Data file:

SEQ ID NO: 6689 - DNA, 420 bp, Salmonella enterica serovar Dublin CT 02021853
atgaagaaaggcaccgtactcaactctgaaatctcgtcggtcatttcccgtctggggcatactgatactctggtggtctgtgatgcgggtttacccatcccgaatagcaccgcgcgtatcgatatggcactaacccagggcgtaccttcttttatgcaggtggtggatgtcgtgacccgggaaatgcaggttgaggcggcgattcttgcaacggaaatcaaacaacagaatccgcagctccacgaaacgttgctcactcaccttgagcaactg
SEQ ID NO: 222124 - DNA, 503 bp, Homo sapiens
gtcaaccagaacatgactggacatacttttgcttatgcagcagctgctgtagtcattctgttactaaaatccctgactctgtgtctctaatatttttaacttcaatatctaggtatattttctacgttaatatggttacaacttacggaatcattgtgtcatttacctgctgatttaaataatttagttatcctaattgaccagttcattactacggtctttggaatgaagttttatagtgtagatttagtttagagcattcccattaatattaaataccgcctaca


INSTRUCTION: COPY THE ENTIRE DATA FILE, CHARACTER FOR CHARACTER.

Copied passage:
SEQ ID NO: 6689 - DNA, 420 bp, Salmonella enterica serovar Dublin CT 02021853
atgaagaaaggcaccgtactcaactctgaaatctcgtcggtcatttcccgtctggggcatactgatactctggtggtctgtgatgcgggtttacccatcccgaatagcaccgcgcgtatcgatatggcactaacccagggcgtaccttcttttatgcaggtggtggatgtcgtgacccgggaaatgcaggttgaggcggcgattcttgcaacggaaatcaaacaacagaatccgcagctccacgaaacgttgctcactcaccttgagcaactg
SEQ ID NO: 222124 - DNA, 503 bp, Homo sapiens
gtcaaccagaacatgactggacatacttttgcttatgcagcagctgctgtagtcattctgttactaaaatccctgactctgtgtctctaatatttttaacttcaatatctaggtatattttctacgttaatatggttacaacttacggaatcattgtgtcatttacctgctgatttaaataatttagttatcctaattgaccagttcattactacggtctttggaatgaagttttatagtgtagatttagtttagagcattcccattaatattaaataccgcctaca